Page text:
IA Invasive cancer identified only microscopically. Invasion is limited to measured stromal invasion with a maximum depth of 5mm and no wider than 7mm
IA1 Measured invasion of stroma ≤3mm in depth and ≤7mm width
IA2 Measured invasion of stroma >3mm and ≤5mm in depth and ≤7mm width
IB Clinical lesions confined to the cervix, or preclinical lesions greater than stage IA
IB1 Tumor ≤4cm
IB2 Tumor >4cm
IIA Involvement of up to the upper 2/3 of the vagina
IIA1 Tumor ≤4cm
IIA2 Tumor >4cm
IIB Parametrial tumor involvement
III The carcinoma has extended onto the pelvic sidewall and involves the lower third of the vagina and/or hydronephrosis and/or non-functioning kidney
IIIA Involvement of the lower vagina but no extension onto pelvic sidewall
IIIB Extension onto the pelvic sidewall, or hydronephrosis/non-functioning kidney
IV The carcinoma has extended beyond the true pelvis or has clinically involved the mucosa of the bladder and/or rectum (proven by biopsy). Note: bullous edema is not considered stage IV.
IVA Spread to bladder and/or rectum
IVB Spread to distant organs

*Figo Proposals reviewed by the International Gynecologic Cancer Society during the Figo meeting in 2006. International Journal of Gynecology & Obstetrics. 2009;105 (2):103-194.

In order to provide important information to better assist the patients, reducing the morbidity and optimizing the treatment of this malignancy, this article will address recent advances of knowledge on cervical cancer. The topics selected include the role of surgery in different stages, fertility preservation, the role of the sentinel lymph node technique, indications and techniques for radiotherapy and chemotherapy, and also some special situations.

The role of surgery in the initial stages

Surgery as treatment alone is employed for the initial stages (carcinomain situ, micro-invasive, and invasive stage IB1), but depending on the diameter of the lesion, some centers treat IIA1 cancers surgically. However, this approach is not recommended as initial therapy of IB2 tumors (limited to the cervix and having a diameter above 4 cm).2-5 For lesions in stage 0 (in situ carcinoma), conization with free margins is sufficient.2-5

In stage IA1 (micro-invasion less than 3 mm), the choice will depend on the patient's desire to preserve fertility, and whether there is lymphovascular invasion. After conization, if the cone margins are free and there is no lymphovascular invasion, clinical monitoring alone is recommended. It is recommended to avoid fragmentation of the specimen and thermal artifacts, which may hinder the histological analysis, and, therefore, in such cases scalpel conization is preferred. If there is no interest in preserving fertility, the recommendation is that the surgery should include plain hysterectomy. Bilateral salpingectomy associated with hysterectomy to prevent ovarian carcinoma is also recommended. However, if there is lymphovascular invasion (very rare situation for this depth of invasion), radical hysterectomy (Class B according to Morrow and Querleau6 with resection of the parametrium at the level of ureter) and pelvic lymphadenectomy, or sentinel lymph node technique can be indicated. If the patient wants to preserve fertility, radical trachelectomy can be offered.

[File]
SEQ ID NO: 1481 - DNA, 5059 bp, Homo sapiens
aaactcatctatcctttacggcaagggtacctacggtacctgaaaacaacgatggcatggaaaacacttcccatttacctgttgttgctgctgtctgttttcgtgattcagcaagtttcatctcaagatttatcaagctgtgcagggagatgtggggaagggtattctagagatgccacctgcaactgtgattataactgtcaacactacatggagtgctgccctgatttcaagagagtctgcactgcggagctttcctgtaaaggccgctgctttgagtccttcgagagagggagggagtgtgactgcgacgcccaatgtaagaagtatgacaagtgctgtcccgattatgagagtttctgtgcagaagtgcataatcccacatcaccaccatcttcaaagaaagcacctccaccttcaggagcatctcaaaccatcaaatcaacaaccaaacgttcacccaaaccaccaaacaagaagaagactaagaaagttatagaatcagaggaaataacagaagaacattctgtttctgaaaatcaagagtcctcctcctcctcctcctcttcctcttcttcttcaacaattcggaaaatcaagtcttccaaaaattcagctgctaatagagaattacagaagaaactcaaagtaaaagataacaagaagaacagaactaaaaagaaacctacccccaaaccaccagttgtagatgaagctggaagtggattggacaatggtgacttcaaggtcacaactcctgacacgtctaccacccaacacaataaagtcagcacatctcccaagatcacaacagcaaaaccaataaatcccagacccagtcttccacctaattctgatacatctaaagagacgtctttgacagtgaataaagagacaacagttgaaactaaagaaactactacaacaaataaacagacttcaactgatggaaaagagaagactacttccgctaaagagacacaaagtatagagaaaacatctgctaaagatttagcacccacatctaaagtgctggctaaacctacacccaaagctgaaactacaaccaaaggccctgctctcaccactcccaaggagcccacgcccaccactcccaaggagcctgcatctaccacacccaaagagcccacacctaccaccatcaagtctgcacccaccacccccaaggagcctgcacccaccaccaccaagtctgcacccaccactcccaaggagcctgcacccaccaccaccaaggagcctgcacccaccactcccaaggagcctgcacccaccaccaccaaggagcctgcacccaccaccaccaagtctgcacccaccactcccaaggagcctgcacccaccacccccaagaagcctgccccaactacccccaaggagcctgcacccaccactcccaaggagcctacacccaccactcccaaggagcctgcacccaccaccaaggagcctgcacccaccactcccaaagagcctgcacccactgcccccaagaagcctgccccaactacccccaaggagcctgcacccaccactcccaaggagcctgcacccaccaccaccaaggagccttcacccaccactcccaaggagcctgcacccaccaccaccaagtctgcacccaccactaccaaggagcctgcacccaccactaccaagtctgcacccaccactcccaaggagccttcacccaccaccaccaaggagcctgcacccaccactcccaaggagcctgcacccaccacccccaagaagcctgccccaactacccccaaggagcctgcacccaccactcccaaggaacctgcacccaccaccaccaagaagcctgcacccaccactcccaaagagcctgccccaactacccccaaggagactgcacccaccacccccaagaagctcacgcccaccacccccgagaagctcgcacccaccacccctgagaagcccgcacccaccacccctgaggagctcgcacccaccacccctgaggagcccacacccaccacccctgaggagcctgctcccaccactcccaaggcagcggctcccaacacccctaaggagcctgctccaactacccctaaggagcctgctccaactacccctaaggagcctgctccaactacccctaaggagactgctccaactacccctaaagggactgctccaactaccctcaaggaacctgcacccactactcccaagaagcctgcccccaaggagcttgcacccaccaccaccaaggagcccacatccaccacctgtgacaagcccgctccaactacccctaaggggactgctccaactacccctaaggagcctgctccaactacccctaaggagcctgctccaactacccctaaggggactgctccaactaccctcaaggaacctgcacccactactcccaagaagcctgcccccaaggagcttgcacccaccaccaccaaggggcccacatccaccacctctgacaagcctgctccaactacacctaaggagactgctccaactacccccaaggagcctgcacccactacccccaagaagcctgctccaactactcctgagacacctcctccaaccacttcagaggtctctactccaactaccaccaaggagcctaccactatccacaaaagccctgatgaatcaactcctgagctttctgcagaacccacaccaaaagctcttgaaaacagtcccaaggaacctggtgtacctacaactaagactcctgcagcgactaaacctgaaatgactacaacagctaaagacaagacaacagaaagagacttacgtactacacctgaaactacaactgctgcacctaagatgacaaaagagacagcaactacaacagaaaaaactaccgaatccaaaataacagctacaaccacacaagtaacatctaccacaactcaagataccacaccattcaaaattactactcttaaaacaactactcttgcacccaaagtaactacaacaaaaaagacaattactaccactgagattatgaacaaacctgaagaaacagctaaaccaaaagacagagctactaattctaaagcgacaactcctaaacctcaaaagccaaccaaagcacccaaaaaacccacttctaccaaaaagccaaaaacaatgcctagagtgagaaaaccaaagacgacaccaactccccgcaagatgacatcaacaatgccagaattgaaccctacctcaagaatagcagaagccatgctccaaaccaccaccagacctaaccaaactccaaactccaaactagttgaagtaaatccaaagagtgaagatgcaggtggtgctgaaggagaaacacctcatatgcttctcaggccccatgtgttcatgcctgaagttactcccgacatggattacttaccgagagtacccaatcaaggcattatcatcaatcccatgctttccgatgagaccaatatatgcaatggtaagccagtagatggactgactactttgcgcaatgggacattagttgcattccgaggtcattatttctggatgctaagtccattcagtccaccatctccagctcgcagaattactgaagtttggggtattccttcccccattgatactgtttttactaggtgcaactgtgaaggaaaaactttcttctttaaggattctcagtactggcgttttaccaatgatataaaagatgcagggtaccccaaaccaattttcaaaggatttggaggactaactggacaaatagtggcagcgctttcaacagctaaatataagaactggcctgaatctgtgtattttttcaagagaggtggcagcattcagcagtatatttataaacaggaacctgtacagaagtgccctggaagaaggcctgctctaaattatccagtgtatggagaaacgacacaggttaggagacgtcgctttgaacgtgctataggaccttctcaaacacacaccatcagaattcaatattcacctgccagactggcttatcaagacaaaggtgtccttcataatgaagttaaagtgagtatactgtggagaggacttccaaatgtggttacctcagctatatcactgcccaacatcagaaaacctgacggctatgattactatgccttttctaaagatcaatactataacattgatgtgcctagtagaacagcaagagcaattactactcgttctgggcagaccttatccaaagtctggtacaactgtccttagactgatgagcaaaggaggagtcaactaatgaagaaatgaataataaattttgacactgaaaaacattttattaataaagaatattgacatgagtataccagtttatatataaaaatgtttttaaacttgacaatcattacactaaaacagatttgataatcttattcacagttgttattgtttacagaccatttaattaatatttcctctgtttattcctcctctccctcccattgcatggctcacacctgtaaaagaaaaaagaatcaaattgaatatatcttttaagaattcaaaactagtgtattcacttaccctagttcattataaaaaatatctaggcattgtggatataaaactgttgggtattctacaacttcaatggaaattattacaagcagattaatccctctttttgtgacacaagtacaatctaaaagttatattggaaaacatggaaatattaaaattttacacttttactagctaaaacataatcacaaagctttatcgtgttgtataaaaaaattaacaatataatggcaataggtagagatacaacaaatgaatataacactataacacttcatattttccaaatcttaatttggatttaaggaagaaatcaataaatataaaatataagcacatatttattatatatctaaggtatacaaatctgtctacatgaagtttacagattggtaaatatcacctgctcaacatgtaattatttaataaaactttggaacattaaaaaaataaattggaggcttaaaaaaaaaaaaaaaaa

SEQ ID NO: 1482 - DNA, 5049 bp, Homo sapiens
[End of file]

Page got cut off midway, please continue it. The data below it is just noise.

As for IA2 and IB1 stages, for patients who do not want to preserve fertility, the best alternative7 is radical hysterectomy class C, by Morrow and Querleau, with resection of parametrium at the level of internal iliac artery, which corresponds to the classical Werteim-Meigs operation, or type III-V Piver-Rutledge, in addition to pelvic lymphadenectomy. For these stages (IA2 and IB1), the sentinel lymph node technique can be proposed to prevent radical lymphadenectomy and risks of associated morbidities (evidence and recommendation 2B for sentinel lymph node). In these stages, if the patient has a clinical contraindication or if she does not accept the surgery, the choice becomes exclusive radiotherapy, using teletherapy supplemented by brachytherapy. Radical surgical procedures can be performed by laparotomy or laparoscopy, including robotic surgery.8

Surgery as initial treatment is not indicated for IB2, IIA1 and IIA2 cancers. The probability of positive margins or other indications for radiotherapy or chemotherapy in these stages is very high, around 80%. We know that the addition of adjuvant therapies to surgery (chemoradiation) increases morbidity, worsening the quality of life of the patient. 9-11